Exit, Survival, and Competitive Equilibrium in Dealer Markets

Date01 August 2014
Published date01 August 2014
The Financial Review 49 (2014) 435–460
Exit, Survival, and Competitive
Equilibrium in Dealer Markets
Kee H. Chung
State University of New York(SUNY) at Buffalo, Chung-Ang University
Chairat Chuwonganant
Kansas State University
In this study we analyze dealer exit, survival,and competitive equilibrium in the NASDAQ
Stock Market using data from a unique period that entails major changes in regulatory and
competitive environments. We decompose the forces that affect dealer survival into market
factors and dealer attributes. Market factors encompass those variables that affect the demand
for and profitability of dealer services as a whole. Variation in survival probability across
dealers results mainly from their competitive advantages in business strategies, information,
quote aggressiveness, access to order flow,and economies of scale. On the whole, our results
suggest that dealer markets exhibit a Darwinian survival of the fittest.
Keywords: market structure, dealer competition, competitive advantages, quote aggressive-
ness, bid-ask spread, market share, survival probability,exit decision
JEL Classifications: G14, G18
Corresponding author: Department of Finance and Managerial Economics, School of Management,
State University of NewYork (SUNY) at Buffalo, Buffalo, NY 14260; Phone: (716) 645-3262; Fax: (716)
645-3823; E-mail: keechung@buffalo.edu.
The authors thank the editor (Robert Van Ness), two anonymousreferees, Frank Hatheway, Alex Kurov,
Pok-sang Lam, Matthew Spiegel, Kuo Tan,Jennifer Wu, Sean Yang, WoongsunYoo, session participants
at the 2011 Financial Management Association conference, and colleagues at SUNY-Buffalo and Kansas
State University for valuable discussion, comments, and suggestions. The usual disclaimer applies.
C2014 The Eastern Finance Association 435
436 K. H. Chung and C. Chuwonganant/The Financial Review 49 (2014) 435–460
1. Introduction
This paper analyzes the industrial organization of dealer markets. A dealer firm’s
entry and exit decisions may be viewed as adjustments to a new equilibrium that are
dependent on a variety of factors. The probability of a dealer firm’s survival or exit
in a given interval of time is likely to be a function of both the market environment
and dealer attributes. There are two types of dealer exit decisions. A dealer firm may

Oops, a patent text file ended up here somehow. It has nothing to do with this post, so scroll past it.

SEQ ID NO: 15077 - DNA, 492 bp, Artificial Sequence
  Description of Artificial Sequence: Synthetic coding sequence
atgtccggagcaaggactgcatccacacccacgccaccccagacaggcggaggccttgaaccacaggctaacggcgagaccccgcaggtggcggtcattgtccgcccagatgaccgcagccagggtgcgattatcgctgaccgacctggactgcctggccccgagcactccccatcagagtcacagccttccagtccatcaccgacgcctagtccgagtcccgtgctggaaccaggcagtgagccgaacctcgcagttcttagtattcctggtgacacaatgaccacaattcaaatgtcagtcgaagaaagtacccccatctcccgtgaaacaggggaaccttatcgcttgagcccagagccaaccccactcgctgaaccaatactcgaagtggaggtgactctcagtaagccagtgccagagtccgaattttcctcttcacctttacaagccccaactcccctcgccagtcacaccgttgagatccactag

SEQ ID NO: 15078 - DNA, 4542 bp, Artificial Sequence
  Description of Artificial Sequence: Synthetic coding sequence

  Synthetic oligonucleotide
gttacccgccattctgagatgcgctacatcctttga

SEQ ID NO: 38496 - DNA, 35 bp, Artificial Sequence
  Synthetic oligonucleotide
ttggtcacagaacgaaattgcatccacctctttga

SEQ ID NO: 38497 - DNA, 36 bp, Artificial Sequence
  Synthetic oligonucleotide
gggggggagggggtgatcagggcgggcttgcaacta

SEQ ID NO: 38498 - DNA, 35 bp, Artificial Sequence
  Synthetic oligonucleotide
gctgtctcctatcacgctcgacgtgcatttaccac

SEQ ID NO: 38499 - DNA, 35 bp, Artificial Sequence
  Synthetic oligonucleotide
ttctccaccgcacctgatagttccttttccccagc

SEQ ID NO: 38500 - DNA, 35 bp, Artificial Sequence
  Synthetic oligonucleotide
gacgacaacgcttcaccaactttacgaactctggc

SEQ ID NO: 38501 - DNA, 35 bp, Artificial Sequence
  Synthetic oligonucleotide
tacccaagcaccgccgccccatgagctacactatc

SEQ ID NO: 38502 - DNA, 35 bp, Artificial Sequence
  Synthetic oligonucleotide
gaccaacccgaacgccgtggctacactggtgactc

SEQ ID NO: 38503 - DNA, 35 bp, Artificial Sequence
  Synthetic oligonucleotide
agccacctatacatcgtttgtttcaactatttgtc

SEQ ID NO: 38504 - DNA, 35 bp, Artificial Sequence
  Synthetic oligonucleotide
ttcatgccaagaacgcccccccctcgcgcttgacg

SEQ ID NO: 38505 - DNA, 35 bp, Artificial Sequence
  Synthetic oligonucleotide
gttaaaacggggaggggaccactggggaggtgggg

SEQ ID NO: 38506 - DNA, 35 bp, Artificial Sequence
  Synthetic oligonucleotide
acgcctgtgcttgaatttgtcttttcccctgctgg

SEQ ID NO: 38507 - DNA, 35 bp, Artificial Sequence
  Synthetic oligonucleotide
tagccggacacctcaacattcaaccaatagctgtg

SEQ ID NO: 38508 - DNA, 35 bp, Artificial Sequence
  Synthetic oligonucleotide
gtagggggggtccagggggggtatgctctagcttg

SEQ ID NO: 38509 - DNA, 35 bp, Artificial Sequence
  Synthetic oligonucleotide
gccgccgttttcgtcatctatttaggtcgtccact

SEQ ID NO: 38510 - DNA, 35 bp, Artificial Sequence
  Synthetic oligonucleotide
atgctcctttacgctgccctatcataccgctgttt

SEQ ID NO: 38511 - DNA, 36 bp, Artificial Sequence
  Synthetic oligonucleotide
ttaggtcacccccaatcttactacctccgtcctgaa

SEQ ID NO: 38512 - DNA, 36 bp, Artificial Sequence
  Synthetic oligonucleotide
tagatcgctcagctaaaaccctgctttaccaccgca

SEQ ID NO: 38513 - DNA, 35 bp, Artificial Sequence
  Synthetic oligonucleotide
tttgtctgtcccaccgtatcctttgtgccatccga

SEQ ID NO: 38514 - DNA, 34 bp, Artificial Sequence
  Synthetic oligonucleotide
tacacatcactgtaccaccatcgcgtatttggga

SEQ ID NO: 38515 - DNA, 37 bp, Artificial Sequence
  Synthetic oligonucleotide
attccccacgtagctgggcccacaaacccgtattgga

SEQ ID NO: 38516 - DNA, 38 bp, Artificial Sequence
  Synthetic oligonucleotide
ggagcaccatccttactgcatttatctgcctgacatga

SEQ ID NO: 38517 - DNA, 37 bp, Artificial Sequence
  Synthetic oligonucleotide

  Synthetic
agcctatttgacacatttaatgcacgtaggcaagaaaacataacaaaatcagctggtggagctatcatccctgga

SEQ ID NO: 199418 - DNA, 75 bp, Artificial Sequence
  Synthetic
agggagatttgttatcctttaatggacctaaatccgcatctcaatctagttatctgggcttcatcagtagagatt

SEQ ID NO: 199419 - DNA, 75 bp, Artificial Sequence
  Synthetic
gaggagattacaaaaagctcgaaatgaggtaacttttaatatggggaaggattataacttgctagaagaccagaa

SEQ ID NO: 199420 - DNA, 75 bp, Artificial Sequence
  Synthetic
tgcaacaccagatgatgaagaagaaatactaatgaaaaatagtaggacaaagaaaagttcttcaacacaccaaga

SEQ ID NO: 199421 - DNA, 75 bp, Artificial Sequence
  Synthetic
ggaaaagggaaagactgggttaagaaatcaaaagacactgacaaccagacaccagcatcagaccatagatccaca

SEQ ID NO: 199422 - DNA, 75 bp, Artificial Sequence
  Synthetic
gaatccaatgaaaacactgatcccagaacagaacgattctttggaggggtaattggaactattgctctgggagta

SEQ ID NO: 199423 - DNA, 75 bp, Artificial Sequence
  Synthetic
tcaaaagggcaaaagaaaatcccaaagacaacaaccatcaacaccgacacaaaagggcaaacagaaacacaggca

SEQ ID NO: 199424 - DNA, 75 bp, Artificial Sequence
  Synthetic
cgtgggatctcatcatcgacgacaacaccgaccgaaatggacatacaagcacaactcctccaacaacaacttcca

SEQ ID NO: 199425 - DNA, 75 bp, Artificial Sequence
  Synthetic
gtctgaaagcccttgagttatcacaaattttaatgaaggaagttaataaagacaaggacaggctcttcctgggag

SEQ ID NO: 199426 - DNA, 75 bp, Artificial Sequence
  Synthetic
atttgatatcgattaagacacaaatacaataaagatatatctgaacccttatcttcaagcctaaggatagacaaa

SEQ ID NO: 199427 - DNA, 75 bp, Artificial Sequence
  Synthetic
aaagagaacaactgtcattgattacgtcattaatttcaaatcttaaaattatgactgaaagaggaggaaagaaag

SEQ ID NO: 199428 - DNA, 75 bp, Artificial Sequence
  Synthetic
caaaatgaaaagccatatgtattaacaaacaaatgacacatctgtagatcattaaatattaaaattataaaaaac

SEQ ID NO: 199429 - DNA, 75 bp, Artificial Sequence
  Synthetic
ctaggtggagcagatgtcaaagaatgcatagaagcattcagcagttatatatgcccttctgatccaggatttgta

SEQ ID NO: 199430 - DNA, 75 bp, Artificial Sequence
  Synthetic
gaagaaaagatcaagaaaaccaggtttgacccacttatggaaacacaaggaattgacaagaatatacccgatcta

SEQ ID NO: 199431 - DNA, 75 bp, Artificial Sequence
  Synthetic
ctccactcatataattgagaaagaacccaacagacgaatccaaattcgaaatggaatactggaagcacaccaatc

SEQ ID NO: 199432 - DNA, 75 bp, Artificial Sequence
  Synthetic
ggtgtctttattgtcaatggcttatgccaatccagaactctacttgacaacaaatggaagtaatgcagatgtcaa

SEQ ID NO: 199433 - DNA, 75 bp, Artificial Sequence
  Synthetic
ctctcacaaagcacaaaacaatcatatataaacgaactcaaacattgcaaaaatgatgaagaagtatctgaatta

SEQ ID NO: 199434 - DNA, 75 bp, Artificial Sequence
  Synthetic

exit the market entirely, quitting its market-making operation in all stocks. More
often than not, a dealer firm may exit the market partially,quitting its market-making
operation only in select stocks. In this study, we analyze the dealer firm’s exit and
survival in the NASDAQ Stock Market using data from a unique period that entails
major changes in regulatory and competitive environments.
The NASDAQ Stock Market went through a major transformation during the
past decade. The number of stocks on NASDAQ declined significantly due in large
part to the delisting of many high-technology stocks after the dot.com bubble. For
instance, the number of stocks listed on NASDAQ in our study sample went down
from 5,931 in 1999 to 3,509 in 2006. In addition, there were significant decreases
in the bid-ask spread of NASDAQ stocks and dealer market share due to a number
of regulatory changes and market-wide changes in competitive environments (e.g.,
decimalization, SEC Rule 605, SuperMontage, and the proliferation of electronic
communication networks [ECN]).1We perform an empirical analysis of dealer exit,
survival, and competitiveequilibrium by looking at how NASDAQ dealers responded
to these shocks.2Toour knowledge, this study is the first to analyze the consequences
of these events in the NASDAQ Stock Market.
We show that as the number of stocks and the bid-ask spread on NASDAQ
declined and competition from ECNs increased, many dealers exited the market
entirely, resulting in a significant reduction in the number of dealers on NASDAQ.
For instance, the number of dealers went down by 57% from 516 in 1999 to 221 in
2006. Those dealers with competitive advantagessurvived and each of these surviving
dealers handled an increasingly larger number of stocks. The mean number of stocks
that were handled by NASDAQ dealers increased by more than 120% from 112 in
1999 to 248 in 2006. As a result, the mean number of dealers in each stock actually
increased from 10 in 1999 to 14 in 2006, despite the considerable decrease in the
total number of dealers.
We show that dealers were more likely to survive when their market-making
businesses were evenly distributed across stocks, when theymade markets in a larger
number of stocks, and when they had larger market shares. Weinterpret these results
as evidence that dealers with diversified market-making operations across stocks
1See Bessembinder (2003c), Zhao and Chung (2007), and Chung and Chuwonganant (2009).
2In this paper we use the terms “dealers” and “market makers” synonymously as those who compete for
customer order flow by displaying buy and sell quotations for a guaranteed number of shares.

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